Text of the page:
1. Ryan Hall’s inside heel hook of BJ Penn from UFC 232

Yeah, I’m a real sucker for heel hooks so sue me. Ryan Hall hit a beauty of an inside heel hook here, he landed a leg kick to BJ Penn that got Penn to lift his leg and plan himself on one foot, Hall retracted the kicking leg way back into shooting position then dove into a lovely Imanari roll (itself a rarely successful move, though if you want to see it attempted frequently Tony Ferguson throws at least one per fight) that set up the finishing sequence. This marked the first time the legendary Penn had ever tapped out in MMA, granted that’s somewhat mitigated by it being 2018 and Penn being a shell of himself, but it’s still nothing to sneeze given Penn’s MMA and jiu-jitsu credentials. There could also be a bit of bias here given how recent this was, but even putting that aside this was a thing of violent artistry.

Knockout of the Year

Honorable Mention: Yoel Romero’s punches vs. Luke Rockhold from UFC 221

5. Eryk Anders’ head kick vs. Tim Williams from UFC Fight Night 135

There’s a couple of these that changed around at the last minute, at various points this was either one spot higher or the honorable mention but ultimately I wanted to devote just a bit of time to this. I’ve mentioned before I’m a fan of violence, and I’m not necessarily calling for soccer kicks to be legal as I understand the safety concerns or just the fact that they’re considered too unpalatable from a regulatory stand point, but seeing Eryk Anders time this kick as well as he did while Williams was executing a technical get up was great. It’s worth paying attention to this type of kick specifically if you’re fighting under the new rules as the moment your knee/hip is off the mat with just one hand down that kick/knee to the head is legal and we could well see more of these going forward.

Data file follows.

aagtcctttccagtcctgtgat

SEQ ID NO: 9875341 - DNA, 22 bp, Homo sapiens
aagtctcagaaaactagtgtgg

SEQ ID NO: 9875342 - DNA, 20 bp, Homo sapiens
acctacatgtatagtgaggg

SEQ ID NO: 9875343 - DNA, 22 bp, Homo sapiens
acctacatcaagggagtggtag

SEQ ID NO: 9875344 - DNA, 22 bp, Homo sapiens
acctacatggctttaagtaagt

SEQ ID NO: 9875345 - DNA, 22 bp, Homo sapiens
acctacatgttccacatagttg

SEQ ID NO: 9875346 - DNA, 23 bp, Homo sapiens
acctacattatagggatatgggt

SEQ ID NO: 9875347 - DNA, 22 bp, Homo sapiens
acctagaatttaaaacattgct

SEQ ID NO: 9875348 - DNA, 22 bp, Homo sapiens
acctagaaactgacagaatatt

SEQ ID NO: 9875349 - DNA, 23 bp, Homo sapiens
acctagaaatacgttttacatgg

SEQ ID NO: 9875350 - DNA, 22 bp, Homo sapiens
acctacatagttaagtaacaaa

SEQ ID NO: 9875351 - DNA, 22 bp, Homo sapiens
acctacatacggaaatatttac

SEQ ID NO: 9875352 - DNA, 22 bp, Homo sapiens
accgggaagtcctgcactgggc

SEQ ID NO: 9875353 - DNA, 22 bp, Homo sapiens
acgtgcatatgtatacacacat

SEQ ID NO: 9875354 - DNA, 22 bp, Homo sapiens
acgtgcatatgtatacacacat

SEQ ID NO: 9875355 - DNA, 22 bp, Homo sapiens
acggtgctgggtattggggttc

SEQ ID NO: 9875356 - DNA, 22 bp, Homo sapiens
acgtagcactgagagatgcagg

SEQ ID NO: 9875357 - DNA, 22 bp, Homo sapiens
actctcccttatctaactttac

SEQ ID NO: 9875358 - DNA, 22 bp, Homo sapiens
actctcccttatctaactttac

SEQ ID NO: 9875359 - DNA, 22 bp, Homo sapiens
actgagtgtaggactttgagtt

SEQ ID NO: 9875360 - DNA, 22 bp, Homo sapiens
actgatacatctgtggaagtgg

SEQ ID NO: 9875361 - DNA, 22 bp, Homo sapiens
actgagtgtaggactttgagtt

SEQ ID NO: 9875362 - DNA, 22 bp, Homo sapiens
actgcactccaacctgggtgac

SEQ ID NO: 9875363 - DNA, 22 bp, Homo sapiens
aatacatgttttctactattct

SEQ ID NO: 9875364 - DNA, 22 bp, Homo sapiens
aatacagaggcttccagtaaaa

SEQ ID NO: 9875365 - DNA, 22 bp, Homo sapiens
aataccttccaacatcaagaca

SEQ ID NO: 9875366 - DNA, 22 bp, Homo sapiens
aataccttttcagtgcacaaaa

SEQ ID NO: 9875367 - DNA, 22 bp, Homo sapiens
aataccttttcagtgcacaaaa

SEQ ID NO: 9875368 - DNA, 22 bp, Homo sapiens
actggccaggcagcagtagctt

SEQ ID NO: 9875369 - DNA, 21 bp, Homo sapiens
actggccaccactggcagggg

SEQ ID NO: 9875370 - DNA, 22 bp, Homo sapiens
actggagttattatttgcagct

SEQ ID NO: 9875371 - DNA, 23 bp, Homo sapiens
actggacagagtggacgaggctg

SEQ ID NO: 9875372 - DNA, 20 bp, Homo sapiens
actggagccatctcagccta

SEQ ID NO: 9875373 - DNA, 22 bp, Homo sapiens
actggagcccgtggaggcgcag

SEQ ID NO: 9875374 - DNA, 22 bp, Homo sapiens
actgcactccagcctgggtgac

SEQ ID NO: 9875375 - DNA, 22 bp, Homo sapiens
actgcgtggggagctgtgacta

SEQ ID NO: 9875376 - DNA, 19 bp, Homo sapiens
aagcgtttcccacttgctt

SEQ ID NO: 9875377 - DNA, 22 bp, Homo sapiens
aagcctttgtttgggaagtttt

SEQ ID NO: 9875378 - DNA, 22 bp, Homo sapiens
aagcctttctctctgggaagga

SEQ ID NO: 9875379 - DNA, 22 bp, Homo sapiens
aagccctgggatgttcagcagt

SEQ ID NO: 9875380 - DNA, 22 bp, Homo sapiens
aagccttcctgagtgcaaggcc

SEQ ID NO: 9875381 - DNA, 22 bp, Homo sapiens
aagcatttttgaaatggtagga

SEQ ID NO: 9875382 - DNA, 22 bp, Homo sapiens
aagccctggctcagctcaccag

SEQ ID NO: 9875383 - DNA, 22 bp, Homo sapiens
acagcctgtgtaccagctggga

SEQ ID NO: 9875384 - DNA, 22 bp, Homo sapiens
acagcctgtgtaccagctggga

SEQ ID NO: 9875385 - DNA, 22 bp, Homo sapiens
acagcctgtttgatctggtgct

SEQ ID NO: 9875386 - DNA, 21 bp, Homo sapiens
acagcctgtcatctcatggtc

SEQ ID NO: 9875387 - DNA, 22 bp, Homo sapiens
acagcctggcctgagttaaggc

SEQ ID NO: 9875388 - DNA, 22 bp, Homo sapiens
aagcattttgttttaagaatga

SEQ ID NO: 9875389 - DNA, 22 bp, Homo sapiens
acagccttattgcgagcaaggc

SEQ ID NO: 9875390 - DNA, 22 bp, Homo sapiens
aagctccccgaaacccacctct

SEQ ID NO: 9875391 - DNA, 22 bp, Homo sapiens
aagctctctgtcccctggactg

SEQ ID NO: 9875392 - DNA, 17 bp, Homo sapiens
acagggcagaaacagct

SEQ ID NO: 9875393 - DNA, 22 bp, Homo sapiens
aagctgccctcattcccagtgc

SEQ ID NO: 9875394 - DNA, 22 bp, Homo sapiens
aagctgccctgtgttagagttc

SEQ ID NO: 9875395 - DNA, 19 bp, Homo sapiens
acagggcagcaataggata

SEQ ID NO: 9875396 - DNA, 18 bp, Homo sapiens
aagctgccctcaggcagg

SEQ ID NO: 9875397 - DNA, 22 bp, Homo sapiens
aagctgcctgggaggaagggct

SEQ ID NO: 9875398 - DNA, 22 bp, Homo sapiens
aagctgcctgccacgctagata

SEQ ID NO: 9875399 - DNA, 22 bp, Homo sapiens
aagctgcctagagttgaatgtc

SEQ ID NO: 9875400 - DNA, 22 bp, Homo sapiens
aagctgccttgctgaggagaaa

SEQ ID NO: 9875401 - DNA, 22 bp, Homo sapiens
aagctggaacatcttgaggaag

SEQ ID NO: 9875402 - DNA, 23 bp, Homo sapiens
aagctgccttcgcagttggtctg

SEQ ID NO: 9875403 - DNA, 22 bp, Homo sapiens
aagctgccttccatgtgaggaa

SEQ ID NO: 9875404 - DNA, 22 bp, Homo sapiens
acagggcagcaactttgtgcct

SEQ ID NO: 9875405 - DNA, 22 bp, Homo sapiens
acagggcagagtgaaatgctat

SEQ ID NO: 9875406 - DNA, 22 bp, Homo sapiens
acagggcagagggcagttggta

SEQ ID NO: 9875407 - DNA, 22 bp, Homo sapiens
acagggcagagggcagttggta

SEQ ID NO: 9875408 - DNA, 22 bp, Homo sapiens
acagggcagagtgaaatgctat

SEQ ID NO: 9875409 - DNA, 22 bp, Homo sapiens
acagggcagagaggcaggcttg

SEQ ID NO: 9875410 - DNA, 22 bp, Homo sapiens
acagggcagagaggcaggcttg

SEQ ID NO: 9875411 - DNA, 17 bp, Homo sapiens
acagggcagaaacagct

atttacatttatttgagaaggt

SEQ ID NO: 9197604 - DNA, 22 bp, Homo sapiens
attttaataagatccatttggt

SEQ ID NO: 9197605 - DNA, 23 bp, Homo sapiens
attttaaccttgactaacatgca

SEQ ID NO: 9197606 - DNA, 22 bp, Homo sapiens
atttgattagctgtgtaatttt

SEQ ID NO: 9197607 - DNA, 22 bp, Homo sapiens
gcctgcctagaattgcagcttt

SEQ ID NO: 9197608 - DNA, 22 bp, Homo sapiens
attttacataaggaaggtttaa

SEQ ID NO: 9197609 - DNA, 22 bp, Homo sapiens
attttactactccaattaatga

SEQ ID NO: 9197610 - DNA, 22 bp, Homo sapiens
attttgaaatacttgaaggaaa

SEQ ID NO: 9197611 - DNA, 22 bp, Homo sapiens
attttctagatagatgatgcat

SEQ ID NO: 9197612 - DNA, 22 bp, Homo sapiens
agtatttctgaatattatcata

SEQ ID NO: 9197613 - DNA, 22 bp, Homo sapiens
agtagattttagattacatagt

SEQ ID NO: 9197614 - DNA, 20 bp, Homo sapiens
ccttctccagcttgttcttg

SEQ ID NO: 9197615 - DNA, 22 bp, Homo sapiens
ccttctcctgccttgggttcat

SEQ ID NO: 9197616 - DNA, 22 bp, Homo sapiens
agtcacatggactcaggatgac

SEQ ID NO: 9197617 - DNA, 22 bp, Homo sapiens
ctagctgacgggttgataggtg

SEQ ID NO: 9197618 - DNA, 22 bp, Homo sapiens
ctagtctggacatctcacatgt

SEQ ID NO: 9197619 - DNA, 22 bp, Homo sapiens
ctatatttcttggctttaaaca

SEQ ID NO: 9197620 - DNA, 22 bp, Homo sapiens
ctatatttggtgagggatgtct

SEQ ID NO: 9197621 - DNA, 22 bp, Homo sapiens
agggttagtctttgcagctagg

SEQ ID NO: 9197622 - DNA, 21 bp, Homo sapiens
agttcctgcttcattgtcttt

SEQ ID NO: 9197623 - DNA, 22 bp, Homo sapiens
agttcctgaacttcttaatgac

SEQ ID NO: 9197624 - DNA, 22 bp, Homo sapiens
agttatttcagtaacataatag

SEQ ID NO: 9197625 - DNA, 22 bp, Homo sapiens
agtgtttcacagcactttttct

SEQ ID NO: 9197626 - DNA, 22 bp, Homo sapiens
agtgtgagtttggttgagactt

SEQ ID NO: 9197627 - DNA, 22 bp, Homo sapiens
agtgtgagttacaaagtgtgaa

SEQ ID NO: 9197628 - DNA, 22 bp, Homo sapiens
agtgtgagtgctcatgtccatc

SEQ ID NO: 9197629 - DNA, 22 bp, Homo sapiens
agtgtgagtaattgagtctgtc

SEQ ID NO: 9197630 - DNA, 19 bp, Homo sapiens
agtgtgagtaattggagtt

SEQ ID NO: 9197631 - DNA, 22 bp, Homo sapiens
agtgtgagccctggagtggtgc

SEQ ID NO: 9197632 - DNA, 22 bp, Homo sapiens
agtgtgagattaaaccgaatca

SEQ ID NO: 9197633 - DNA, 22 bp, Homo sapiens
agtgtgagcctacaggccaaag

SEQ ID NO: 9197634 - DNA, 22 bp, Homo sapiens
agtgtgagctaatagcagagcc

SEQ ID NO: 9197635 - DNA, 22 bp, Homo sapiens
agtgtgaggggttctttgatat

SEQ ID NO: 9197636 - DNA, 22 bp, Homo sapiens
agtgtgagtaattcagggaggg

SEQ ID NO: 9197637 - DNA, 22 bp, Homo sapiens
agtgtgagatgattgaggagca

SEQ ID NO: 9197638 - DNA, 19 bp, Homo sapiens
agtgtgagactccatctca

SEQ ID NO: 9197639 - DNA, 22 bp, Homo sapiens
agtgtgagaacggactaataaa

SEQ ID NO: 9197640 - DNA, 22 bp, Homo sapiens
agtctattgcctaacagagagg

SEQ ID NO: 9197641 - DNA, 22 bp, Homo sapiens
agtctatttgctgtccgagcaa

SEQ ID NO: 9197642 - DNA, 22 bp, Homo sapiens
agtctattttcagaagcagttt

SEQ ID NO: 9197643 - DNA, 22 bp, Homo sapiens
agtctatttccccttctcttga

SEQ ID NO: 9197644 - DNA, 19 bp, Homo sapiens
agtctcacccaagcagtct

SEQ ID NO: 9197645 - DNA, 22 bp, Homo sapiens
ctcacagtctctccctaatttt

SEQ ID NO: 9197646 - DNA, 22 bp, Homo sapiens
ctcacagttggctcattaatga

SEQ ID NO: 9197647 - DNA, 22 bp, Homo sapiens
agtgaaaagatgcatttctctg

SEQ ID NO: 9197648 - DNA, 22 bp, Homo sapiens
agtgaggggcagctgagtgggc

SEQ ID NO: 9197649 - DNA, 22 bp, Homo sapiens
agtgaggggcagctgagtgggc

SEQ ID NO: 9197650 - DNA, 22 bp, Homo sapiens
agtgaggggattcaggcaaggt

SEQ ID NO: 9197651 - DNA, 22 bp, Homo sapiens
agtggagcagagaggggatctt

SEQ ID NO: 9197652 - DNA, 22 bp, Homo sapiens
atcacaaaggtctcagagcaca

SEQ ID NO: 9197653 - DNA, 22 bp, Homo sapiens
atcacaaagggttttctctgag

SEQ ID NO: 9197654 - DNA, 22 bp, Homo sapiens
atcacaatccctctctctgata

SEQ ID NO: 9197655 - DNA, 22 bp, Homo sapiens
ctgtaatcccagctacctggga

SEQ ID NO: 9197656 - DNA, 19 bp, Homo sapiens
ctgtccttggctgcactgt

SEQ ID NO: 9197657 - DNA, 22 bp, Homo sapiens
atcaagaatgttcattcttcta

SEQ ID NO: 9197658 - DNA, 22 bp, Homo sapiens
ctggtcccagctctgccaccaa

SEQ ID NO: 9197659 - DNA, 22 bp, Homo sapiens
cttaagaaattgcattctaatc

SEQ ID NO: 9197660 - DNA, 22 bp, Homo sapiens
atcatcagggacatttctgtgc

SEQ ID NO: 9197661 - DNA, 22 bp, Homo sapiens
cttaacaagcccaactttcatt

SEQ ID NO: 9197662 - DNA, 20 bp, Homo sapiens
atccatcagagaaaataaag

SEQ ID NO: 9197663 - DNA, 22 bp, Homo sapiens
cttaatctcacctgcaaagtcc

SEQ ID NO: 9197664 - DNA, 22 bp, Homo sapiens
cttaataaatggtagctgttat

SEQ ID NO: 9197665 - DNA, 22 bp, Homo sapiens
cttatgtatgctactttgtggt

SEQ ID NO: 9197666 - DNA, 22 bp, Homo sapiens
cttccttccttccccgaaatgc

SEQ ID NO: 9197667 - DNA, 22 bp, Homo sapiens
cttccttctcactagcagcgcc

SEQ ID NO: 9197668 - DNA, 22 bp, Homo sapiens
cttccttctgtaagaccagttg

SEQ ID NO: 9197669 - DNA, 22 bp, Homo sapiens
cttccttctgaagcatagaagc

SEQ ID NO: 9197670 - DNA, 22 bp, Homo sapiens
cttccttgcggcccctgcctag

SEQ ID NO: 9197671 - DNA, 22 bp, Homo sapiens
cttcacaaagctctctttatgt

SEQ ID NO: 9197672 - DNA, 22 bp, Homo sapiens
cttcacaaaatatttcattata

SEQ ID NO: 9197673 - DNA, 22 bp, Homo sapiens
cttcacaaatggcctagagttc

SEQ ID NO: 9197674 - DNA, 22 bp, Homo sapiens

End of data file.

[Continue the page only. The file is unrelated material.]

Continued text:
4. Marlon Moraes’ head kick of Jimmie Rivera from UFC Fight Night 131

For the second year in a row Marlon Moraes makes an appearance on this list, for essentially the same technique though with slightly different application this time. Last year it was an attempted switch kick that wound up being a knee strike to the jaw of Aljamain Sterling, this time around it’s one of the quickest and prettiest switch kicks you’ll ever see cracking Jimmie Rivera upside the head with one of the more audible connections you’ll find leading to a quick finish. Every time I look at this finish I’m in awe of that switch from Moraes just as much as I am the sheer force he generates into the kick.

3. Brian Ortega’s uppercut of Frankie Edgar from UFC UFC 222

A little bit of history was made here, Brian Ortega became the first man to finish Frankie Edgar and he did it inside of a round. Ortega timed an elbow with a slightly too predictable rush from Edgar and badly wobbled the former champion, a head kick followed to keep him off balance, then from a near hockey fight position Ortega landed an uppercut that caused Edgar to leave his feet for a moment before crashing onto his back mostly unconscious. The uppercut wasn’t the prettiest from a technical perspective, in fact Ortega struggles to find the distance with it initially and lands a few to the chest of Edgar as Edgar stumbles forward, but it absolutely got the job done.

2. Lyoto Machida’s front kick of Vitor Belfort from UFC 224

It might be odd to say this about a fight, or a finish like this, but we all should have seen this one coming. Belfort stands in more of a Thai stance with his body partially squared up and his guard flared at the elbows leaving an obvious lane for a straight kick to the face. Anderson Silva exploited that a few years ago, this time it was Lyoto Machida getting his second front kick to the face finish and immediately bowing to his fallen foe as the ref rushed in to wave off the fight producing a great visual and the second best knockout of the year. You know we’ve had some good knockouts when a straight up KO from a front kick to the chin comes in second to something like. . .

1. Yair Rodriguez’s elbow vs. Chan Sung Jung from UFC Fight Night 139